I'm running my Pi as an Airplay server(using Shairport). Now I'm wondering if there is any way to prevent the SD-card from getting corrupted if I cycle power unexpectedly? I read about mounting the root filsystem read-only and ramdisks, but couldn't find a good explantation anywhere.

Is it possible to configure the os in such a way that it is safe to cycle power at any time? I don't need to store any changes after the system is booted, just boot the same state every time power is cycled.

Thanks in advance!


Ok, after some more research, this is my current /etc/fstab. It works, but / is still mounted in rw mode. At least I'm using sync and noatime which should reduce the probability of the SD card getting corrupted.

# /etc/fstab: static file system information
# <file system>        <dir>         <type>    <options>          <dump> <pass>
/dev/mmcblk0p1  /boot                   vfat    ro,noatime                 0       0
/dev/mmcblk0p2  /                       ext4    noatime,nodiratime,sync    0       0
ramfs           /tmp                    ramfs   defaults,noatime,mode=1777 0       0
ramfs           /var/cache/pacman       ramfs   defaults,noatime,mode=1777 0       0
ramfs           /var/log                ramfs   defaults,noatime,mode=1777 0       0
ramfs           /var/tmp                ramfs   defaults,noatime,mode=1777 0       0

Just mounting / in ro mode won't work. Well, the Pi boots but some serives (like Logger Daemon) can't start and the shell gets flooded with error messages.

Does anybody know a way to mount /var in a ramfs and load the original files on boot? I found many sources on how to do it, but the Arch distro seems to have changed the way you run bootscript to systemd recently and I can't get it to work that way.


I tried mounting /var on a ramdisk, but the system didn't boot afterwards so I can't post my original code.

What I did was copying /var to /var-new and adding an entry to my fstab

ramfs           /var                ramfs   defaults,noatime,mode=1777 0       0

I removed the entries for the subdirectories of /var, of course. Then I added a systemd "bootscript" called mountramfs.service which ran the script /mountramfs. Activated this with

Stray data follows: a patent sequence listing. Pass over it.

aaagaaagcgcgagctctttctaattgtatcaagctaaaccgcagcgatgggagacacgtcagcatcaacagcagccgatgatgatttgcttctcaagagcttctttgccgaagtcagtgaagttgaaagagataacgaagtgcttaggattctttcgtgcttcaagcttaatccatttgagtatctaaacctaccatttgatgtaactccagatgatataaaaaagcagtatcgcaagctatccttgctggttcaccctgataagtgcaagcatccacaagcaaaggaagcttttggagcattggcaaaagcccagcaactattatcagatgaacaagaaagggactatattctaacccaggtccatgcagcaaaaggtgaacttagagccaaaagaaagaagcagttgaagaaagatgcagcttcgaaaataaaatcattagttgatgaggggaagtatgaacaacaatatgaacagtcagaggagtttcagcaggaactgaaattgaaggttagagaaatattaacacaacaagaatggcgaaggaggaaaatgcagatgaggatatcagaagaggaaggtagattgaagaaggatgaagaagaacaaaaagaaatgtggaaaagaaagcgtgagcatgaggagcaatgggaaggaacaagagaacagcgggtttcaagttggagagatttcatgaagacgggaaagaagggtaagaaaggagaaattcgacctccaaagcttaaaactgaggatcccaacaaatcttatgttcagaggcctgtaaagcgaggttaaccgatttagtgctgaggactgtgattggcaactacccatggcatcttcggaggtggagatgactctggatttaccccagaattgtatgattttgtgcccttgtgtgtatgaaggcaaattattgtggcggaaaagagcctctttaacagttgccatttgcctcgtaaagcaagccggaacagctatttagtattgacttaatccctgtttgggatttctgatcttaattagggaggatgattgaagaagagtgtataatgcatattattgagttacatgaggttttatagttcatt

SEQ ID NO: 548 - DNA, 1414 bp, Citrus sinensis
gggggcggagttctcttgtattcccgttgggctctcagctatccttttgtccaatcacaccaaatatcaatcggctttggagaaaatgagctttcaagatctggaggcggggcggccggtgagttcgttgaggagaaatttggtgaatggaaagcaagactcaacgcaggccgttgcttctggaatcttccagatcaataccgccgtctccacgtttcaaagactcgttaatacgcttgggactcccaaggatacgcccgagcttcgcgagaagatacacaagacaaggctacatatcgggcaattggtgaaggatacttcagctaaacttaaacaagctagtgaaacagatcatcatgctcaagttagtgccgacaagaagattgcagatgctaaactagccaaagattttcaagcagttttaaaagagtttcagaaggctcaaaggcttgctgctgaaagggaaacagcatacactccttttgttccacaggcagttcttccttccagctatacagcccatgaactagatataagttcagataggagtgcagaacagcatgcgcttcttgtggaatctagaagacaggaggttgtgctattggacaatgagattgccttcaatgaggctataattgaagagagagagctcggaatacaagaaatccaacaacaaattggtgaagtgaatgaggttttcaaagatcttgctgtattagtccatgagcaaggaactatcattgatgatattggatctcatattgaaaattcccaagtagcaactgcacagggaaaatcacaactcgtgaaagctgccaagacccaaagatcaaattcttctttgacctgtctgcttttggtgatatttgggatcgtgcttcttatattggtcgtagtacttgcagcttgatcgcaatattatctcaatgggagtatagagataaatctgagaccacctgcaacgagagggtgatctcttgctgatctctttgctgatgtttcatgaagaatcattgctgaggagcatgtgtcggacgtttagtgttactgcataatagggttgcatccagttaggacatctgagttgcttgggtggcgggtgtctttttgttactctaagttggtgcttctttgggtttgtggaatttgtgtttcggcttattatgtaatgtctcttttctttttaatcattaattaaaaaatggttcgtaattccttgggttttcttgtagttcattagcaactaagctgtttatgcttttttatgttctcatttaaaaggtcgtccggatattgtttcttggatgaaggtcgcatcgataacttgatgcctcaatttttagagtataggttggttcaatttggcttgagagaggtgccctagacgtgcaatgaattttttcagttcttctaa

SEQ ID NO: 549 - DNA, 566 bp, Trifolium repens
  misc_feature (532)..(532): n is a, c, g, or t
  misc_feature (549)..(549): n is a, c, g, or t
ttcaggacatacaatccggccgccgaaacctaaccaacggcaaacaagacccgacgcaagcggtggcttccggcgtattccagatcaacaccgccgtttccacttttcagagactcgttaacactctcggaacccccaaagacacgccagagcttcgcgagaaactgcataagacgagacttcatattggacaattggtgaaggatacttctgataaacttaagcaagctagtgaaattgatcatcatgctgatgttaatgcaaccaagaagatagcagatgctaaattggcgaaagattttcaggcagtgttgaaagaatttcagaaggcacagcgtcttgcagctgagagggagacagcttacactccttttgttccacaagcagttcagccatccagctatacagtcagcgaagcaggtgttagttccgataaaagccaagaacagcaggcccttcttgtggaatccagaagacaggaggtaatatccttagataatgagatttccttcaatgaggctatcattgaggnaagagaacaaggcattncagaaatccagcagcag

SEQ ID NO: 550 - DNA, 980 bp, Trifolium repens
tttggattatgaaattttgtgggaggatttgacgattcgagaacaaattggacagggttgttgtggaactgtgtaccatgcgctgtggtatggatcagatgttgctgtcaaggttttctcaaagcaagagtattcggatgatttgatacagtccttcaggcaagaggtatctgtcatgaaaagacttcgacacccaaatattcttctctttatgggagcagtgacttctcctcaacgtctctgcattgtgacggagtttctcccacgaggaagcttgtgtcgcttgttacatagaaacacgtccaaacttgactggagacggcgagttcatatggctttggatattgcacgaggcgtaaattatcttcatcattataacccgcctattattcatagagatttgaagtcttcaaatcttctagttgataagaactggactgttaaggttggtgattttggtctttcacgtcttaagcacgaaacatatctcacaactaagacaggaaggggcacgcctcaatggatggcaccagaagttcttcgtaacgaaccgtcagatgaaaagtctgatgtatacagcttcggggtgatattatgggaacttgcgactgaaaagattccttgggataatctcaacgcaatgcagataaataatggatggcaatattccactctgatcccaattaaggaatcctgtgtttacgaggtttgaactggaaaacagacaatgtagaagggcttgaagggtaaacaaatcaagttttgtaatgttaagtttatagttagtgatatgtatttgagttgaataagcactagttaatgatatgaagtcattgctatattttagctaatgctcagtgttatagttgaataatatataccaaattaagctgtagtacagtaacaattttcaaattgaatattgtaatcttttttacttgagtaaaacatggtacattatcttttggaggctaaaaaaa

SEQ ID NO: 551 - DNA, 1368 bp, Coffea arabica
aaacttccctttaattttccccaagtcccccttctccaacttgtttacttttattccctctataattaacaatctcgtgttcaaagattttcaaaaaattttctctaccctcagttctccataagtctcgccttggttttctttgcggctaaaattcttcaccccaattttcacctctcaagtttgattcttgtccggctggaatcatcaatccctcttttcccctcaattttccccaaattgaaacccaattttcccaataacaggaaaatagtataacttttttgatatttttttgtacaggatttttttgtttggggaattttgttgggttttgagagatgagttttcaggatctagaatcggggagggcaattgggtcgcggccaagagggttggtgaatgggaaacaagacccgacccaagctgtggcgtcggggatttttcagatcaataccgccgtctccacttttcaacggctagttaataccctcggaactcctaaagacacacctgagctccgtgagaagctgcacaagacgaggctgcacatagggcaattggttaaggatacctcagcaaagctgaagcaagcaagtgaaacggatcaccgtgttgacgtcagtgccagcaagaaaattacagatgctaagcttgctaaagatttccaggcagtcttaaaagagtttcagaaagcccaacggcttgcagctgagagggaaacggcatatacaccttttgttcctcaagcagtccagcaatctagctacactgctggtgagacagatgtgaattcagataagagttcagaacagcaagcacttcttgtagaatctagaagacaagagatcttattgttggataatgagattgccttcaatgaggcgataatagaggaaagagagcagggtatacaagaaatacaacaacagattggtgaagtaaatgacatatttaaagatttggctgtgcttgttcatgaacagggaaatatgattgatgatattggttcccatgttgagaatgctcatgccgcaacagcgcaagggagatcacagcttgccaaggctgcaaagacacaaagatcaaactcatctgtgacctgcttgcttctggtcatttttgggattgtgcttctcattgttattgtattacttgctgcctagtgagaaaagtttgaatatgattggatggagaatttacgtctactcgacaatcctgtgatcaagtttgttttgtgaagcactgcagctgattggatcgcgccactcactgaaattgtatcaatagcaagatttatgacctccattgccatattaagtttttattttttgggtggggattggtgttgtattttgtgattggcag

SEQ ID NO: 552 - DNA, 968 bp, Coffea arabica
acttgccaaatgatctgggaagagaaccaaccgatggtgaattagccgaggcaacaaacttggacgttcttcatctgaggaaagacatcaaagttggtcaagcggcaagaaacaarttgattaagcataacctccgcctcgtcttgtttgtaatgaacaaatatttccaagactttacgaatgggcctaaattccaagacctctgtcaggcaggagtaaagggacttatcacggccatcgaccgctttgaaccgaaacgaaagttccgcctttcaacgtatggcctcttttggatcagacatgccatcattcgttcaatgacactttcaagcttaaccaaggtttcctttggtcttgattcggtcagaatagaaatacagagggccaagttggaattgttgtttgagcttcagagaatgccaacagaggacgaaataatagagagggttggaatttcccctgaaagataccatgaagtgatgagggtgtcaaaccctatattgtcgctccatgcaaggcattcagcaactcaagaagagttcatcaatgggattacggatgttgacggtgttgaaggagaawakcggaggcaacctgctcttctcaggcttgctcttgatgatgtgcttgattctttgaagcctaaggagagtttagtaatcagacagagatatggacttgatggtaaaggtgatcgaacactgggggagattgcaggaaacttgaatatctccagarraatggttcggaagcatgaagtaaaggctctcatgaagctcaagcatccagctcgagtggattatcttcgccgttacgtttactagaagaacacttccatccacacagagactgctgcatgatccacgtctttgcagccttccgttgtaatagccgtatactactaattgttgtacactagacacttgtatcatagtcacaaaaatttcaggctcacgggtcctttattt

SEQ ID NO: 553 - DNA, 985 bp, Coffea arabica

systemctl enable mountramfs.service
systemctl start mountramfs.service

the /mountramfs contained something like

cp -R /var-new/ /var/

What I tried to achieve with all this was that /var-new would be copied to the empty /var directory on the ramdisk. This would have made it possible to use the same directory every time the system reboots. It started, but couldn't run some services(including ssh) so i couldn't access it anymore and only watch the messages on my tv(via hdmi).

What's wrong with this approach? can anybody help?

  • This question is about mount options for increased safety, but in a case where read only is not an option. What you ask for must be possible, since live CD:s work that way. I think there is a way to have a read-only file system combined with a ramdisk, so that you can write to any file, and the newly written data is stored on the ramdisk.
    – Frepa
    Mar 11 '13 at 15:31
  • Which folders would I have to link to a ramdisk? I'm new to Arch. Mar 11 '13 at 18:46
  • I found this link but I'm not advanced enough to understand all of the information and edit my files accordingly Mar 11 '13 at 19:37
  • That was a good link. Indeed, you can just mount some directories read-only and some on ramdisk, no need for unionfs. My guess: /home, /var, /tmp on ramdisk. Look at the examples at the bottom of the linked page.
    – Frepa
    Mar 12 '13 at 11:16
  • Just moving the folders to a ramdisk doesn't work, I need a way to copy their original content into the ramdisk as well (using systemd) Mar 12 '13 at 14:06

Booting from a read only partition guarantees you to be able to boot. Then, if you have to write to other partitions you can always check their integrity first thing after booting. It is advised to write to preallocated file(s) who are ideally size of single sector, or at least an exact multiple. Using something like SquashFS could solve your problem. Berryboot allows you to do it in an easy way. If you want to do it on your own you can find some info here.

  • Hi, thanks for the answer. What would Berryboot do in my setup? I don't know Berryboot but it seems to be a Bootloader for the Pi. How would it solve my problem? Mar 13 '13 at 12:30
  • Berryboot loads SquashFS read only images of various linuxes, and there is an instruction how to make SquashFS image of ArchLinux. That is your jump start. Once you see how to do it with Berryboot, it shouldn't be too hard to do it without Berryboot.
    – avra
    Mar 14 '13 at 19:15
  • Yes, but Berryboot uses an external "container" to be able to store data. That's great because the image itself doesn't change but I'm trying to reduce write cylces to the SD-card and afaik Berryboot doesn't change those at all Mar 18 '13 at 8:02
  • Reducing write to Pi with logging to RAM: raspberrypi.org/phpBB3/viewtopic.php?f=29&t=13889
    – avra
    Mar 21 '13 at 14:50
  • I'm already doing that with: ramfs /var/log ramfs defaults,noatime,mode=1777 0 0 Mar 23 '13 at 8:59

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